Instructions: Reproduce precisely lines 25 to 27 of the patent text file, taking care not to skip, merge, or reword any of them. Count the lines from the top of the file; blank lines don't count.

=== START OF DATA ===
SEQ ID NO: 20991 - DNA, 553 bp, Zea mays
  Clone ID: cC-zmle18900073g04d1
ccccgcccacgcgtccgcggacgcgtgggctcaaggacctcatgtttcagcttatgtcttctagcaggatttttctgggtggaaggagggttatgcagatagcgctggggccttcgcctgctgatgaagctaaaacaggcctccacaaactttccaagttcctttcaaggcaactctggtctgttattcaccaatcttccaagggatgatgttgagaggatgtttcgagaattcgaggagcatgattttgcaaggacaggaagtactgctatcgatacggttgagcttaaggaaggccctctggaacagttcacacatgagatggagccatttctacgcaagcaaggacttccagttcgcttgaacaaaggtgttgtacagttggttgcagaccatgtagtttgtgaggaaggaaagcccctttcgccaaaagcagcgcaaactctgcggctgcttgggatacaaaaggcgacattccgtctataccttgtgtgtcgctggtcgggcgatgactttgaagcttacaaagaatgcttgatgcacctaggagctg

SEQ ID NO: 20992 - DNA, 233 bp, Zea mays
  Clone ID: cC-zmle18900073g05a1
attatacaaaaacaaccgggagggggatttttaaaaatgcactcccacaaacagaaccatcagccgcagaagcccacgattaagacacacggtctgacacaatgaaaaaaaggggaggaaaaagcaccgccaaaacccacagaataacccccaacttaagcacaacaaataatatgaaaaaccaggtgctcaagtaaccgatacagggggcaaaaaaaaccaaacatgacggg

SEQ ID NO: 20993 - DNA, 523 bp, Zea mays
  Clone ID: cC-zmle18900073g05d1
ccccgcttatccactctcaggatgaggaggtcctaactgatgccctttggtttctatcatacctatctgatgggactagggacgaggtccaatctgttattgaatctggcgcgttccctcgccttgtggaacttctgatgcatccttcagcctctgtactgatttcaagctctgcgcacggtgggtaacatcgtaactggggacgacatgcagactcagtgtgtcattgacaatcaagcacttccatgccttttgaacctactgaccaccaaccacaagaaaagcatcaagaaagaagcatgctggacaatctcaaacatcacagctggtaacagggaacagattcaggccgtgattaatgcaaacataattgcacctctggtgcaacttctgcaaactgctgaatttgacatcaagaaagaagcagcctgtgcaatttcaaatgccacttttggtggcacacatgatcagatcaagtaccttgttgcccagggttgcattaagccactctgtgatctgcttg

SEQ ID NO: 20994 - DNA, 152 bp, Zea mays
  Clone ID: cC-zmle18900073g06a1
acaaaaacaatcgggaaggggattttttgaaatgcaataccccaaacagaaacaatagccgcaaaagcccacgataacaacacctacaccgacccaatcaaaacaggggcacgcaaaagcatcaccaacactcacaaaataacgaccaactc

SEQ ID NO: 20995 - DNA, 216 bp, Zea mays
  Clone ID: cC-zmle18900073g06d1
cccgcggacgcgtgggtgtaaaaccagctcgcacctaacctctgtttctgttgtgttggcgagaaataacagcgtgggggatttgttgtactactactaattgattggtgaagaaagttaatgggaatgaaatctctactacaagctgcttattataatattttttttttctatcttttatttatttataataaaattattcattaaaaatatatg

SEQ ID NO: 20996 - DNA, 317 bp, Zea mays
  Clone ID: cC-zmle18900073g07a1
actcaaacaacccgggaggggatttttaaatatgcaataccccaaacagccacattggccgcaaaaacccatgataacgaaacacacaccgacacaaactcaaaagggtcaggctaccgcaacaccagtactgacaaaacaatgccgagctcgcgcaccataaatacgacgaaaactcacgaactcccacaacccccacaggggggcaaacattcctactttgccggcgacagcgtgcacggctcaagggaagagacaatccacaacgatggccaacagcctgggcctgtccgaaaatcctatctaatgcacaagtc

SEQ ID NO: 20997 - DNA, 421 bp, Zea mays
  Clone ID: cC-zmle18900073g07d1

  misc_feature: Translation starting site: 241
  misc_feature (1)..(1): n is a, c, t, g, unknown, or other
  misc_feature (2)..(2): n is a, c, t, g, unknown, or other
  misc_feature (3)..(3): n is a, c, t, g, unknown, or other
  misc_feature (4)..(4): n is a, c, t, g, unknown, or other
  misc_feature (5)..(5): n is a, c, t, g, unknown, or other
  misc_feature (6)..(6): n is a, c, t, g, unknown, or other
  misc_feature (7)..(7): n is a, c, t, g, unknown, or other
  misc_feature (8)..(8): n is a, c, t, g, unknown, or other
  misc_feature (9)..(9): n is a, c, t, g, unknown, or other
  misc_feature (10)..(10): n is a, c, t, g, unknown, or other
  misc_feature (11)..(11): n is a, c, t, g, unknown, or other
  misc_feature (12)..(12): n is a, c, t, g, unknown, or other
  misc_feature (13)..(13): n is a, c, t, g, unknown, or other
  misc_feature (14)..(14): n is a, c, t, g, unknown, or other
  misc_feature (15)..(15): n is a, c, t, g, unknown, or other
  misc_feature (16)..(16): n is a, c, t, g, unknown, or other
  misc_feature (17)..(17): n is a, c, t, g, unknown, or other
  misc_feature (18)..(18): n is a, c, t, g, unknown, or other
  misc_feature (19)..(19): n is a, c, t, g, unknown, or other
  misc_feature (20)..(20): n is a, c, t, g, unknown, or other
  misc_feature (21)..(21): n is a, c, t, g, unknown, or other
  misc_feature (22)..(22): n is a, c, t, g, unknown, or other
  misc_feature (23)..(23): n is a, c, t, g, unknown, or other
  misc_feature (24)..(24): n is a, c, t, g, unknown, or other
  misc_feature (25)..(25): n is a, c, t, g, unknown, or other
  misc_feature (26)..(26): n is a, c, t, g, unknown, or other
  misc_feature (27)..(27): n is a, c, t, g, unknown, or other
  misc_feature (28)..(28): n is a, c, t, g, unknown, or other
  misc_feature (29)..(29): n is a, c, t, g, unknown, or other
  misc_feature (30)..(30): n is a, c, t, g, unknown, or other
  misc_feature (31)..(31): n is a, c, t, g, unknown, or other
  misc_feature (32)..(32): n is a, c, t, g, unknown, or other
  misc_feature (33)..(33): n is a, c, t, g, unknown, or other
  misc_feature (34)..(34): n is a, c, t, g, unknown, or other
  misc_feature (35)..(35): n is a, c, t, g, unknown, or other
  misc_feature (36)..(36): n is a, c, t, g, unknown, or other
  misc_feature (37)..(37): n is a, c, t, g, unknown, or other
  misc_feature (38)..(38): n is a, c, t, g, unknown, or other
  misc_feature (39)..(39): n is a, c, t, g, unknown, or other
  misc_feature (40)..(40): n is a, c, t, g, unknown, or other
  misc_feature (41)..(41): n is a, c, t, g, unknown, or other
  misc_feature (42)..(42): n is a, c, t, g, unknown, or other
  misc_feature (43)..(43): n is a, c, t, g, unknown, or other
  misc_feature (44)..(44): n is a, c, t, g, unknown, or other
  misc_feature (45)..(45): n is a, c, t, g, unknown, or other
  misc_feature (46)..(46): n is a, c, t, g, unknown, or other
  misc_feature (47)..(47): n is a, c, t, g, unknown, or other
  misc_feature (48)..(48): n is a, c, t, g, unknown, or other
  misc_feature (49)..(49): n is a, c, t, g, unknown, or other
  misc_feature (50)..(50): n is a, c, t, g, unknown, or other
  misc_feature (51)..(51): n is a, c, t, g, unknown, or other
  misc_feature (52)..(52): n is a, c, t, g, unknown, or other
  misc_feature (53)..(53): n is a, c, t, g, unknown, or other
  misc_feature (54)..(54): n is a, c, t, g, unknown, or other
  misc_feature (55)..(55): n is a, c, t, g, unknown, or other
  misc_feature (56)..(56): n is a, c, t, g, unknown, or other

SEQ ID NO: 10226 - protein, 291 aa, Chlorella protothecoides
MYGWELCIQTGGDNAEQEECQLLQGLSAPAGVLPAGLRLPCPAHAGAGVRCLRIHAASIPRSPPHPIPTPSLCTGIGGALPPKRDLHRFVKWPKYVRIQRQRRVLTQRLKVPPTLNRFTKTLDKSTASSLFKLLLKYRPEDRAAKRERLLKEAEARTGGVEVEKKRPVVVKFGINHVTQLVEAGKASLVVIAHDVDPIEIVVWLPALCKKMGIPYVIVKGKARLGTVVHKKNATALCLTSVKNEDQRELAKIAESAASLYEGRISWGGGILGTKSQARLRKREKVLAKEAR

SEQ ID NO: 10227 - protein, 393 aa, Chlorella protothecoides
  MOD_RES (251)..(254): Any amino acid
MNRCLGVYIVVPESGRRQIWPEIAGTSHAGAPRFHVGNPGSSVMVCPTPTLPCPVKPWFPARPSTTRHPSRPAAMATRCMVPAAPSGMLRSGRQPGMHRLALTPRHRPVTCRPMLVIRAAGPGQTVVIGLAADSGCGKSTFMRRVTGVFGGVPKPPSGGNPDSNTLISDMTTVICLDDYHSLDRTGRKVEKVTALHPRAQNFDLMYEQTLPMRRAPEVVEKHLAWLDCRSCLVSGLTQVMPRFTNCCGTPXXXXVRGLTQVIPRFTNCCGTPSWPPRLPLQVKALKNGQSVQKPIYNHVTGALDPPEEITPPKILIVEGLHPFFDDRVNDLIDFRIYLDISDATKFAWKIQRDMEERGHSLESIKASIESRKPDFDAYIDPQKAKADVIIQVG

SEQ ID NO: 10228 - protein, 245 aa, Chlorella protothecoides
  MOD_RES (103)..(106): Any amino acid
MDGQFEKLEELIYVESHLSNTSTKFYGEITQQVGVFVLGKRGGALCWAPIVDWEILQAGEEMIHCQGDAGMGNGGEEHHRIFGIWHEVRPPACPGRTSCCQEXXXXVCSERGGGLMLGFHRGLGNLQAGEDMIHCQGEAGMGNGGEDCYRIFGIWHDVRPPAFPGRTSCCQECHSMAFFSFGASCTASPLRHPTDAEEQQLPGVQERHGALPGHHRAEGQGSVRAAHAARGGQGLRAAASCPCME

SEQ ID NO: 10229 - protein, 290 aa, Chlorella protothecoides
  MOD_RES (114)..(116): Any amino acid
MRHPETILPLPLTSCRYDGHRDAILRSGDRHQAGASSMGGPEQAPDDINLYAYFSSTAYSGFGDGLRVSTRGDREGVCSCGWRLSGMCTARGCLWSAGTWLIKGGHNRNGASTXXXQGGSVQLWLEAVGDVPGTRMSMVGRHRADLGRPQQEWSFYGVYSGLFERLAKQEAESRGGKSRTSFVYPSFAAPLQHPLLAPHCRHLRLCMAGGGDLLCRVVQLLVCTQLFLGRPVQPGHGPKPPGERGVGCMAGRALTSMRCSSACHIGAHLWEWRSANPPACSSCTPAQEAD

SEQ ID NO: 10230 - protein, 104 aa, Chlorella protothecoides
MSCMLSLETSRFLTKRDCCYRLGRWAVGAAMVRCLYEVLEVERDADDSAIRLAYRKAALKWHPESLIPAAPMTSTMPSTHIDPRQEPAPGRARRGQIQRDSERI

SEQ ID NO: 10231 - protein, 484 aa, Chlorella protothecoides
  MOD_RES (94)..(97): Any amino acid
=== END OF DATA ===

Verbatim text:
  misc_feature (4)..(4): n is a, c, t, g, unknown, or other
  misc_feature (5)..(5): n is a, c, t, g, unknown, or other
  misc_feature (6)..(6): n is a, c, t, g, unknown, or other